It’s been over twenty years since the Bitmap Brothers classic, The Chaos Engine was first released on Amiga. With many of its peers (Superfrog, Flashback, Speedball) already having received remakes, remasters and re-imaginings, it was only a matter of time before a classic like Chaos Engine was revitalised.
So a quick overview for those (probably many) of you that aren’t familiar with The Chaos Engine. It is a top-down co-op shooter. You have a choice of six characters with different stats, guns and special abilities. There’s the quick and somewhat flimsy Gentleman and Preacher, the strong and slow Navvie and Thug, and the all-rounders Brigand and Mercenary. If you play single player, you get an AI buddy to replace your co-op partner. This also might be one of the only games I can think of where you get friendly AI as a stat you can improve. The faster characters tend to start off a little smarter anyway, but investing upgrade points in their AI will stop them running into enemy fire, allow them to go off the path and pick up coins before they disappear and generally be smarter. I’m sure a lot of people would’ve been thankful for such a mechanic in Resident Evil 5! There is a degree of competitiveness to the co-op as the money you collect goes into a pot and then is split based on your performance in the level. The game is four world broken into four stages. It is quite a challenging game; you can’t move and shoot and the numbers of enemies can get quite overwhelming later on in the game. Not to mention the bullet hell of the final boss!
While the game sounds quite straightforward as a shooter, there is a huge level of complexity with the amount of alternate routes, hidden treasures and ways of completing levels. There’s enough variety to make sure that your playthroughs don’t always end up the same and enough mystery in the levels to have you wondering how on earth you can get to an area you can see just at the edge of the screen.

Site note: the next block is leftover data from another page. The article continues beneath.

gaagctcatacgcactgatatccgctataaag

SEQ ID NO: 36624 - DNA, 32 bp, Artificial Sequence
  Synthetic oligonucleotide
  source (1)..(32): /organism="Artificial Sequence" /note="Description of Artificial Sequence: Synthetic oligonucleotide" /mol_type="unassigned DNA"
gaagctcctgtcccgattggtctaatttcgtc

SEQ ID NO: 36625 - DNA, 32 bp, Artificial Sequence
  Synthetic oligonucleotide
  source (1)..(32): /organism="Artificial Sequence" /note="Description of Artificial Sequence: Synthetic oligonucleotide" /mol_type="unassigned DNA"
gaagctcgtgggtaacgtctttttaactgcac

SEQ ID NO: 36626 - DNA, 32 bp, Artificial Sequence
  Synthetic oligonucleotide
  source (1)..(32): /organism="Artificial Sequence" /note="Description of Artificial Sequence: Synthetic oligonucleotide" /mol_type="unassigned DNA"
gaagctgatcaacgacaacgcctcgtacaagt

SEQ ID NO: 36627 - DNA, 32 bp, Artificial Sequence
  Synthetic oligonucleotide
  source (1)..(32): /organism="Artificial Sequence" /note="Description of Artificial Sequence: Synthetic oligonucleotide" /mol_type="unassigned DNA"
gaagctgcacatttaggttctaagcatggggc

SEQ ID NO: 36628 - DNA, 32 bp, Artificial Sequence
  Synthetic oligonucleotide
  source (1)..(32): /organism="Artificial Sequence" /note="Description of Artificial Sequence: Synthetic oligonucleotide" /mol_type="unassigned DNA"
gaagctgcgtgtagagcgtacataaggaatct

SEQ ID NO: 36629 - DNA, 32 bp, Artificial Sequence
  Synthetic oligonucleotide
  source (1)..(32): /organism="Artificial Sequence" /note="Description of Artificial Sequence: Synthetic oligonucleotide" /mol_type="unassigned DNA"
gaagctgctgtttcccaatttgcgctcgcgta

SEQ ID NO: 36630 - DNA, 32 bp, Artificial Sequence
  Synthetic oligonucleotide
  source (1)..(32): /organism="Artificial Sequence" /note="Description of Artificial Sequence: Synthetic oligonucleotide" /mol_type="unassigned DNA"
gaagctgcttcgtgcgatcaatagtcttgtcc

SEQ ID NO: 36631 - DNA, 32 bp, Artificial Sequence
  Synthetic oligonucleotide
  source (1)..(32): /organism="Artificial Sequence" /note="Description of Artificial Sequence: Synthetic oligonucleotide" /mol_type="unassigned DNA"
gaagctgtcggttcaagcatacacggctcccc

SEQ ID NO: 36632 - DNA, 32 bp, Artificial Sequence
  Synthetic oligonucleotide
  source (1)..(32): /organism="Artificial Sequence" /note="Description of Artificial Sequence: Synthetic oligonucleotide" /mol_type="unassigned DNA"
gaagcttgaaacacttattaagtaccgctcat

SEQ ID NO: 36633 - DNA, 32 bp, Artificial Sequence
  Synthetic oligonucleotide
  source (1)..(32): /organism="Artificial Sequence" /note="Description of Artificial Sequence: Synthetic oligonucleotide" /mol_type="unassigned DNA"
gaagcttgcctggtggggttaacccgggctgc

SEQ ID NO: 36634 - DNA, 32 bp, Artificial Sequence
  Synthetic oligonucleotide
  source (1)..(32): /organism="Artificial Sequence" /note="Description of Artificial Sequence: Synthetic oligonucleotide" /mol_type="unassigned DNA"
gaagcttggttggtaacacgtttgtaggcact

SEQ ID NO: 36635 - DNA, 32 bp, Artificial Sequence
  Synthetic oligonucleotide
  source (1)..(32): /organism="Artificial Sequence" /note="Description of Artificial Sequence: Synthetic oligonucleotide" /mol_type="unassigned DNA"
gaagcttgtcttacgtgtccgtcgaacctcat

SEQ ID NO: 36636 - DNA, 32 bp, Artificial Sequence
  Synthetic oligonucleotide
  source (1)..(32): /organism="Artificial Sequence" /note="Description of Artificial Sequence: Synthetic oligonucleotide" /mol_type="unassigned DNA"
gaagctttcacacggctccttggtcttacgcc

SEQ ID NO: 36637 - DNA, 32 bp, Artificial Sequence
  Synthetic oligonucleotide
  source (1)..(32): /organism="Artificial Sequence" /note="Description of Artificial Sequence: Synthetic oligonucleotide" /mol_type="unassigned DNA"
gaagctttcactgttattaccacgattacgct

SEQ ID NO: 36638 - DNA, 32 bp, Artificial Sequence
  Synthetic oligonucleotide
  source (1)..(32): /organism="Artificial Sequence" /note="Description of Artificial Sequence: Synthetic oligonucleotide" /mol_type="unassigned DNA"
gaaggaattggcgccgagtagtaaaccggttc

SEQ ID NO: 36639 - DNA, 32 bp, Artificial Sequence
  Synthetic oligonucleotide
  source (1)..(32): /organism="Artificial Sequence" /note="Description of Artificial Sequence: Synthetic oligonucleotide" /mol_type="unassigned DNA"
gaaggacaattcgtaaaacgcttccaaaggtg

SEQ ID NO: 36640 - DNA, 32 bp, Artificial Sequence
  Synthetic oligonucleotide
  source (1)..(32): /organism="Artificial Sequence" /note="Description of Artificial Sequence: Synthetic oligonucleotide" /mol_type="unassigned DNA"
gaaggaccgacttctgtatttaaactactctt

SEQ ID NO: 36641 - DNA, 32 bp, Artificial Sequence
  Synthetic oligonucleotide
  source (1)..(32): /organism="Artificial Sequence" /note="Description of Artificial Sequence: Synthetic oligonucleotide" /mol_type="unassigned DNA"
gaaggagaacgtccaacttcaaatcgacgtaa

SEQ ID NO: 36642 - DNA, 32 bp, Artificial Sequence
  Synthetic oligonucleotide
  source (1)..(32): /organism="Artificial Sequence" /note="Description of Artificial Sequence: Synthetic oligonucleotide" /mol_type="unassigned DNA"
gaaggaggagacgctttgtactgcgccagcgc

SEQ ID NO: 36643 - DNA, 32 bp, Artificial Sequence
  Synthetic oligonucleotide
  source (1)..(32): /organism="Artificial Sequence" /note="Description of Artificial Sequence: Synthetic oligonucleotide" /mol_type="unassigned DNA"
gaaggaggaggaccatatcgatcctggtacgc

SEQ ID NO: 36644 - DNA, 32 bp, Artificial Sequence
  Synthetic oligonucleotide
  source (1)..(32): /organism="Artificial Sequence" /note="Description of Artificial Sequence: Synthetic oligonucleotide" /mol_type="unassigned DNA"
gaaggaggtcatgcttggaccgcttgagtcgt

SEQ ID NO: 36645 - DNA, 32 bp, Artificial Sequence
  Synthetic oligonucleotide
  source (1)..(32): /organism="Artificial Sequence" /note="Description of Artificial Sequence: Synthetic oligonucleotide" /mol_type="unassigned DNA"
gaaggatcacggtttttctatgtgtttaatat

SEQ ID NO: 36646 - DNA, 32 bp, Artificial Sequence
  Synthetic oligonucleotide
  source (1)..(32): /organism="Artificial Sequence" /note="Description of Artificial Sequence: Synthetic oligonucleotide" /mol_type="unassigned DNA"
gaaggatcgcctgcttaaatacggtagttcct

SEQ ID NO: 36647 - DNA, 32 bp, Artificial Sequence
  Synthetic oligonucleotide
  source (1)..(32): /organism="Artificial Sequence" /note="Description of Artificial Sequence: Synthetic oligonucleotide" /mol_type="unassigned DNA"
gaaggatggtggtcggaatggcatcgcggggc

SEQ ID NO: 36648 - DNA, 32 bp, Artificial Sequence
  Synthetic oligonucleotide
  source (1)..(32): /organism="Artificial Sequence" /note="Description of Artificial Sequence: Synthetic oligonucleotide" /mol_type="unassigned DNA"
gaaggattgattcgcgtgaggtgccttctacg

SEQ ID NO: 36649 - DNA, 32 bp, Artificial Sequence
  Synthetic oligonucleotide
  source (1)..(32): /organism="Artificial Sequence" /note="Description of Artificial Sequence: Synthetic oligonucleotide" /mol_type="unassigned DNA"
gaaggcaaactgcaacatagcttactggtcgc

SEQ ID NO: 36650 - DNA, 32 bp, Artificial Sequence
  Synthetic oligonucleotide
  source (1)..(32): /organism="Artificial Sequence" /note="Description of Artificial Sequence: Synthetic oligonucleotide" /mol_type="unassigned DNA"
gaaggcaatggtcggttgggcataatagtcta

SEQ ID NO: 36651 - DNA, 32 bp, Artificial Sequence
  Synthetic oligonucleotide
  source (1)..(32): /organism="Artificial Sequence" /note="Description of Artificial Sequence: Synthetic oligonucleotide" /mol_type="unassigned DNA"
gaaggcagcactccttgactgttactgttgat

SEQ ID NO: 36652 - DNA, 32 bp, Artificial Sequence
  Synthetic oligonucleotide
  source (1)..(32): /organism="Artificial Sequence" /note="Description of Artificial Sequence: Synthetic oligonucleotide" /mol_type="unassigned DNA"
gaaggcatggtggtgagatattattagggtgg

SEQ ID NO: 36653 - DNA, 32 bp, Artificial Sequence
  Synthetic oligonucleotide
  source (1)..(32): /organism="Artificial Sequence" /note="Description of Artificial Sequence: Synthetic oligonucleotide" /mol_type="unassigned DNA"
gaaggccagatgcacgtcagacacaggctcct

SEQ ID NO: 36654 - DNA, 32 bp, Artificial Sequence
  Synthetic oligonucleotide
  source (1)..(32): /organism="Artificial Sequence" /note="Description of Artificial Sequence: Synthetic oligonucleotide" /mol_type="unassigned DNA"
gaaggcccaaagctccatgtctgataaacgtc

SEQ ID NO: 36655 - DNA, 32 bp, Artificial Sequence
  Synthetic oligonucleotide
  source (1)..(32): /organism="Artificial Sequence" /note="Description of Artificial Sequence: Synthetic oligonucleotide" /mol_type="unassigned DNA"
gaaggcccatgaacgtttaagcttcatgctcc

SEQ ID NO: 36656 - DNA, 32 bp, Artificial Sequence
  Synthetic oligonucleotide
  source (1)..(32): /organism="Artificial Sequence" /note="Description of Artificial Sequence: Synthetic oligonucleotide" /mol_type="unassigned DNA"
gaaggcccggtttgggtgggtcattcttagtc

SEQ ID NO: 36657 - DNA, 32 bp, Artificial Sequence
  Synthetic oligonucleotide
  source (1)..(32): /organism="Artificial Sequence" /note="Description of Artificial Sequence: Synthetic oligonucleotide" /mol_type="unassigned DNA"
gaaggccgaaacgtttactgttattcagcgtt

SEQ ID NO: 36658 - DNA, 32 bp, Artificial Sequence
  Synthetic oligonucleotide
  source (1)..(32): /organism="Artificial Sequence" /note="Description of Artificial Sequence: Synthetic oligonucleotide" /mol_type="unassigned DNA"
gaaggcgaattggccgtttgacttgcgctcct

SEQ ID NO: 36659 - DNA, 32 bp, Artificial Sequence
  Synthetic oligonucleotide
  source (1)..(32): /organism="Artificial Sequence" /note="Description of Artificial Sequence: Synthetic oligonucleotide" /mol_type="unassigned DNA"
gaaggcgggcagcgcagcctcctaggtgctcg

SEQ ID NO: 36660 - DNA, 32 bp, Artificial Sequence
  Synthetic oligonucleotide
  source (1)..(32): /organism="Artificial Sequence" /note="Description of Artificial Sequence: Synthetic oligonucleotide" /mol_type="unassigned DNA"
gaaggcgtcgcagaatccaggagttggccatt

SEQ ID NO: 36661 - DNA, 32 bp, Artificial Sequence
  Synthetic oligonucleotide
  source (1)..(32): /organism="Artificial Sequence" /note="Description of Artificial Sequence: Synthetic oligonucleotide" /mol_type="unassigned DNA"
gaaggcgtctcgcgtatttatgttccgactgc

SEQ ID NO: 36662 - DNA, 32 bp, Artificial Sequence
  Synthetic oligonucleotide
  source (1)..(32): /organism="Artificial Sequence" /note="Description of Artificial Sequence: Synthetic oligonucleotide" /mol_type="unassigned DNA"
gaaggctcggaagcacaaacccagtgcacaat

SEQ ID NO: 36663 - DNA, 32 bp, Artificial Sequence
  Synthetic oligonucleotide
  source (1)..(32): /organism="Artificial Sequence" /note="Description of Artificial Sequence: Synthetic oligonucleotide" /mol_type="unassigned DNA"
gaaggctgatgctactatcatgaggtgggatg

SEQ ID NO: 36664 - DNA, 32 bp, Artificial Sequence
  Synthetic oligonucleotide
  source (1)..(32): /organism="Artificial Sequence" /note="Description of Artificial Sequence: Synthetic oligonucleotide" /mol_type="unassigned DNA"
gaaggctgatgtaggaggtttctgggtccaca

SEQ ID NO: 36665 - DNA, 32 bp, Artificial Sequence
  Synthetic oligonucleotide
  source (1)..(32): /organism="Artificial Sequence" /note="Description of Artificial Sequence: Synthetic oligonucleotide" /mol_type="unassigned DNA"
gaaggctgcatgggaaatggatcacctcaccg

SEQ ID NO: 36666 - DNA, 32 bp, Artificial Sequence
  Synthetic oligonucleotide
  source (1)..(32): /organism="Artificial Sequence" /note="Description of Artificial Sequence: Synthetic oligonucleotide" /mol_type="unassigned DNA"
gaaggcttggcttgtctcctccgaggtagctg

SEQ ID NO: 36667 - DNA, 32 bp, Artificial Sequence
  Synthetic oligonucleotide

You might wonder just what kind of a remake this is (then again you might have looked at the screenshots and figured it out already) the bad news is that this isn’t a Halo Anniversary or Another World style remake – where new graphics are overlaid perfectly over the classic gameplay. The good news is that this also isn’t a Flashback style remake – where the original gameplay is tossed aside for some generic ‘modern’ trappings. Chaos Engine is very much the same game as was released back in 1992. You could be forgiven for thinking that this is no different from running the game on an Amiga Emulator. It certainly wouldn’t look very different. The addition of the ‘Enhanced Mode’ seems dubious at best. The screen filter is mostly unnecessary and just makes the graphics look blotchy – and I myself couldn’t get on with the new control system, that is supposed to allow for more freedom in movement.
As a package released on Steam, this re-release offers enough to warrant the asking price. Cloud saves, steam achievements, steam badges, local and online co-op, pad support ready to go, screen-scaling options, subtitles for a few extra languages and a continue option so that you don’t have to play the entire world to save your progress in the form of a password. On the subject of passwords – it was a little disappointing that they seemed to have changed the form of them, so that the passwords I had from previous playthroughs on Amiga didn’t translate over, but it’s a small gripe.
Verdict: It’s Chaos Engine. It was great then, it’s great now and the additional Steam extras make it nice and convenient to play the hell out of in the coming weeks. It’s easily worth £6.99. Get it…and then complain about how hard it is so I can talk about how gamers were more hardcore back in my day 🙂